Friday, April 27, 2018

#2,499. Witchery (1988)

Directed By: Fabrizio Laurenti

Starring: David Hasselhoff, Linda Blair, Catherine Hickland

Line from the film: "They've got a lot of legends about this island. Witches and rainbows and shit"

Trivia: Producer Joe D'Amato originally hired Luigi Cozzi as the movie's director who at first was involved in pre-production, but ultimately left after realizing that he wasn't allowed to make any script changes

I was a little hesitant to sit down and watch director Fabrizio Laurenti’s Witchery, mostly because it’s listed as a sequel to 1988’s Ghosthouse, a movie I have yet to see. It’s never a good idea to watch a series out of order, but it’s been my experience with Italian-produced horror of the ‘70s and ‘80s that many so-called “sequels” were labeled as such solely to cash in on the success of an earlier movie, and share few (if any) similarities with the characters or storyline of the “original” (Case in point: Fulci’s 1979 Zombie was released in his native Italy as a follow-up to Romero’s Dawn of the Dead, and the only thing those two classics have in common is their title creatures).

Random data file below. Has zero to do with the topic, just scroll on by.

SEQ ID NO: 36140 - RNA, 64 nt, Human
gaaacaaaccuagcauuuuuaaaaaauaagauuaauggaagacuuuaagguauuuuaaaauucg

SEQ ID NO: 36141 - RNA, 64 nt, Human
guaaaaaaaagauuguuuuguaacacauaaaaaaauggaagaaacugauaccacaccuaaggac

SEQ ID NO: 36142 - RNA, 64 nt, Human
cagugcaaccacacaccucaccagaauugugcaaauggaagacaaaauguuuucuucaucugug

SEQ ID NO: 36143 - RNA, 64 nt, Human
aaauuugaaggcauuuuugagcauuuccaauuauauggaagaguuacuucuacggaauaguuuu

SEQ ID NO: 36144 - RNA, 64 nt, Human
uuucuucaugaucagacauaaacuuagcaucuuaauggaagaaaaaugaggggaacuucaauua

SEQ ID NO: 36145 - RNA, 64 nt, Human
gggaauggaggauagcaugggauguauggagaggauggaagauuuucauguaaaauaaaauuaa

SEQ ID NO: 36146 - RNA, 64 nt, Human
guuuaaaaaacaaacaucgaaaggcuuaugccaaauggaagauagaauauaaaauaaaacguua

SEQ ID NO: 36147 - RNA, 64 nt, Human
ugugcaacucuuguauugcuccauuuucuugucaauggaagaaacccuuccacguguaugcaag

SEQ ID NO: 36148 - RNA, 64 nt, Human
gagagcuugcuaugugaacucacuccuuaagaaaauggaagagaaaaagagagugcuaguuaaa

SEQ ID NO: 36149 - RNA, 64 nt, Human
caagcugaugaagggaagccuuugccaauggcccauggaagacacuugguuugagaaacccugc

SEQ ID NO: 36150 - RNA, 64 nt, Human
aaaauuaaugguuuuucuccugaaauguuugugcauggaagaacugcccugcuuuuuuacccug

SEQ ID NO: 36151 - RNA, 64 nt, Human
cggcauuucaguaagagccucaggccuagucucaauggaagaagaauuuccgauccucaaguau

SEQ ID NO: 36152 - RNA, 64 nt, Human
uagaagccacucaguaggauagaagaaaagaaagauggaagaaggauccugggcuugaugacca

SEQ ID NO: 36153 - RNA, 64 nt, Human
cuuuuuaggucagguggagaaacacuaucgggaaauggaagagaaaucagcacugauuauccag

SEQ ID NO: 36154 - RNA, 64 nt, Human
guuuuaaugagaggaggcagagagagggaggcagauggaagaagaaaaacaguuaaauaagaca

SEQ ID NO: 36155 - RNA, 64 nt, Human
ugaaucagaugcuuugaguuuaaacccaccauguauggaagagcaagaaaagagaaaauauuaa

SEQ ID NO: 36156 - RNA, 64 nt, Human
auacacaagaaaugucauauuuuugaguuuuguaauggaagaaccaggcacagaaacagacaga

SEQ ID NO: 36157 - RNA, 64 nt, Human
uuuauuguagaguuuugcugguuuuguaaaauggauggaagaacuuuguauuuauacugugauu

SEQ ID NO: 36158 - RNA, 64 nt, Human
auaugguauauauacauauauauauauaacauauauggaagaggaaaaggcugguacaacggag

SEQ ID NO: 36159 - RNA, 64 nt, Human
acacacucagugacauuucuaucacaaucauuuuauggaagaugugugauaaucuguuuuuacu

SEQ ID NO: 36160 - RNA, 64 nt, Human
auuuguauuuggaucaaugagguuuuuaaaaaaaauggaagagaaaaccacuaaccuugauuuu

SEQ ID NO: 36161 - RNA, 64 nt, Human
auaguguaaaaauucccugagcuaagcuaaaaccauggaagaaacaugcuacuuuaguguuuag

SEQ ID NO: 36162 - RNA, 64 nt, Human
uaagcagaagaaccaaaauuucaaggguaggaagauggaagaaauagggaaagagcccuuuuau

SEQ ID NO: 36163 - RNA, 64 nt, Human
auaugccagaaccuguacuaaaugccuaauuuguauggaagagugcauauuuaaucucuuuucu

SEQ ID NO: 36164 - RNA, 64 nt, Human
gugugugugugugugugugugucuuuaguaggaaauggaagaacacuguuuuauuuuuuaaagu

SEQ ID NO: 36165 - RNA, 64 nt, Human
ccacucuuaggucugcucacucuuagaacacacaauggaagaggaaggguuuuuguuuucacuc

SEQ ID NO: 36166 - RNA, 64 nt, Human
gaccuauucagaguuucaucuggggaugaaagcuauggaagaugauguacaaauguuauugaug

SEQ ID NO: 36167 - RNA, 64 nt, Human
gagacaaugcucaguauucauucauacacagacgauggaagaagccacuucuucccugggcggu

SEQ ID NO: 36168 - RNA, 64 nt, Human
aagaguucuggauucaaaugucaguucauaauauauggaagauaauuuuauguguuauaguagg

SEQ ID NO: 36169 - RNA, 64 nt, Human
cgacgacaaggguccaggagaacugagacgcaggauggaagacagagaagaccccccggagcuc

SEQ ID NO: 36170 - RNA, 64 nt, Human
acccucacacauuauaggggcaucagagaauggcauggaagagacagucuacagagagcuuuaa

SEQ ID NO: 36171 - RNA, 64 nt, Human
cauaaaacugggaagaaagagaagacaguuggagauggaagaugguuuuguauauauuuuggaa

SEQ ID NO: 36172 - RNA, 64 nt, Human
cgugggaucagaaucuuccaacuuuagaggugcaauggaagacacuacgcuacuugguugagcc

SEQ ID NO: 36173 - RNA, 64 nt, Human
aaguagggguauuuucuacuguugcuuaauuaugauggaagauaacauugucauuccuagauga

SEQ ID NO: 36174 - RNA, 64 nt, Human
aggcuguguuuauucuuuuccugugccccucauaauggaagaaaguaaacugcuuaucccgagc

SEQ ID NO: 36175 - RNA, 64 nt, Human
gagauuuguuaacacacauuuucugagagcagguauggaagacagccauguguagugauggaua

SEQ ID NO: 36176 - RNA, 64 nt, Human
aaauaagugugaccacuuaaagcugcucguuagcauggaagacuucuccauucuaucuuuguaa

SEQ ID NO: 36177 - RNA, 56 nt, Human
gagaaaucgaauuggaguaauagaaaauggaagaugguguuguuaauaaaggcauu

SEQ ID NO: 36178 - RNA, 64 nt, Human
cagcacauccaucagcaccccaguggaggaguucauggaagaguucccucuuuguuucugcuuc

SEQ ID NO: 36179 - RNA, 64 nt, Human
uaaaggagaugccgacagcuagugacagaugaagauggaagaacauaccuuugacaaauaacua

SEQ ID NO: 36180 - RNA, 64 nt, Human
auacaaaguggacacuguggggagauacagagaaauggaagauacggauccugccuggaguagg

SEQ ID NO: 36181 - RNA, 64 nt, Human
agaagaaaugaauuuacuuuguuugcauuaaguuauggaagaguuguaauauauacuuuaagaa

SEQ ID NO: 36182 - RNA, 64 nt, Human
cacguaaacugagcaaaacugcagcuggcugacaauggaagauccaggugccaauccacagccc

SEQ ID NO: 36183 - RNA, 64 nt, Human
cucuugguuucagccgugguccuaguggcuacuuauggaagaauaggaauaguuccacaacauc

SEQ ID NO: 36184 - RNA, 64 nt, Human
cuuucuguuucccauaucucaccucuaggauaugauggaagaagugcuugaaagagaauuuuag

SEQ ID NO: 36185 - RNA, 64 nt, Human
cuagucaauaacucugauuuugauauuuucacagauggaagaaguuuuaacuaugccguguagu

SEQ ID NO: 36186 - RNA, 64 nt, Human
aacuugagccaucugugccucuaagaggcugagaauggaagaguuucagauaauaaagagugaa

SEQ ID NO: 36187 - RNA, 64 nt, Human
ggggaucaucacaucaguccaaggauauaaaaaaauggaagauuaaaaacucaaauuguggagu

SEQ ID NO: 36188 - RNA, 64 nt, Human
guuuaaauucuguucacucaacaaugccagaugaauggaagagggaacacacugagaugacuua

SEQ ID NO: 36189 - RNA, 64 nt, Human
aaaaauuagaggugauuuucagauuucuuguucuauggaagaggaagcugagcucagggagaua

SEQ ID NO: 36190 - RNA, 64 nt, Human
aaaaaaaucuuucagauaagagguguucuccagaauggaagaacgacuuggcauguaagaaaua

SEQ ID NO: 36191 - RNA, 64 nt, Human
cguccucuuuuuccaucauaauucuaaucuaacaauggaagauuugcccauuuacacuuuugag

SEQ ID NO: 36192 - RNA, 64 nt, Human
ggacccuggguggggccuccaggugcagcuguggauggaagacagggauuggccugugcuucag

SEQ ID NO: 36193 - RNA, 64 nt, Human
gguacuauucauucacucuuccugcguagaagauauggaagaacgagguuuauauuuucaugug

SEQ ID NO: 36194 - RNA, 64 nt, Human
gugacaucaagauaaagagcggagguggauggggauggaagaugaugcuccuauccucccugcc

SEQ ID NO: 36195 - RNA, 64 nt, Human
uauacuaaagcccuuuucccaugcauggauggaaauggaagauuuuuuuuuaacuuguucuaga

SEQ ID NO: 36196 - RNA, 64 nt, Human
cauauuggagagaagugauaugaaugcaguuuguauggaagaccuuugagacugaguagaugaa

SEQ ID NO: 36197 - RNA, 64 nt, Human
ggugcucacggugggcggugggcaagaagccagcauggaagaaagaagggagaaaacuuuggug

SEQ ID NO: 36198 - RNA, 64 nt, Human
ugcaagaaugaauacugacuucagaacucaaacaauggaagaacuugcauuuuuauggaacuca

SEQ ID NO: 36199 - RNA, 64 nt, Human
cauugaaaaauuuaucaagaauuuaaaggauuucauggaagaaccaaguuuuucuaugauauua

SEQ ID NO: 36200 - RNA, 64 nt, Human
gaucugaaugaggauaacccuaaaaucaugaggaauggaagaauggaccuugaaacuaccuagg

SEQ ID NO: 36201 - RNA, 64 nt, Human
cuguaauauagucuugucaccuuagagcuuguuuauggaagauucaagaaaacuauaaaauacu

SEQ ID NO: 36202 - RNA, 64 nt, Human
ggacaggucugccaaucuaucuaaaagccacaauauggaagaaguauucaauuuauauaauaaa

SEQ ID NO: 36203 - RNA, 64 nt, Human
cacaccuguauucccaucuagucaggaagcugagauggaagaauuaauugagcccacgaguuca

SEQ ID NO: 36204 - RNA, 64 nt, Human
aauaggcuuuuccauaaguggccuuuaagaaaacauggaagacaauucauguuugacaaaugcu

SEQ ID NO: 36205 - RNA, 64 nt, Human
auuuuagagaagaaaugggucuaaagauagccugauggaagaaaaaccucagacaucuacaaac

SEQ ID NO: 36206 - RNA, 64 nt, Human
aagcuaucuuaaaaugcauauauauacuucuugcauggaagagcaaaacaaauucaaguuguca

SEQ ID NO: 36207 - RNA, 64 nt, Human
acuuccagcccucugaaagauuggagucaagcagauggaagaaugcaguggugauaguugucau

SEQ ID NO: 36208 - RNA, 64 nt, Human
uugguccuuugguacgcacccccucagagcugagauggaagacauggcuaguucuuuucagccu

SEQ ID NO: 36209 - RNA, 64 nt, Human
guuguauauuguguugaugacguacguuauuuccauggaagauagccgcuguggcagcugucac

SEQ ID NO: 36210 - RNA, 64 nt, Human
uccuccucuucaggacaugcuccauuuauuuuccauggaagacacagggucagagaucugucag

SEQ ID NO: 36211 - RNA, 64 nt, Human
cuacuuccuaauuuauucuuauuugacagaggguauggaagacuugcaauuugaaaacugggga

With that in mind, I figured I’d give this 1988 film a whirl. 

Besides, Witchery stars Linda Blair (as an expectant mother) as well as a pre-Baywatch David Hasselhoff, each locked in a life-or-death struggle against the forces of evil. Would you pass up a chance to see a showdown like that

Paranormal researcher Leslie (Leslie Cumming) has traveled to a remote island off the coast of Massachusetts, where, centuries earlier, a pregnant woman accused of being a witch met a grisly end. Aided by her photographer boyfriend Gary (Hasselhoff), Leslie spends several days exploring a dilapidated hotel (the very building in which the alleged sorceress died), all the while hoping to uncover the secret of what really happened all those years ago. 

Leslie’s investigation is temporarily put on hold, however, when the Brooks family: Freddy (Robert Champagne) and his second wife Rose (Annie Ross); Freddy’s pregnant daughter Jane (Blair); and the couple’s young son Tommy (Michael Manchester), travel to the island to inspect the hotel, which they’ve just purchased from the previous owner. Rose wants to transform the old place into a modern-day Inn, and has brought interior designer Linda Sullivan (Catherine Hickland) along to get an idea of how much the renovations will cost. 

This simple outing takes an unexpected turn when the boat that carried the Brooks family to the island abruptly disappears. With no way to contact the mainland, the group must spend the night in the hotel.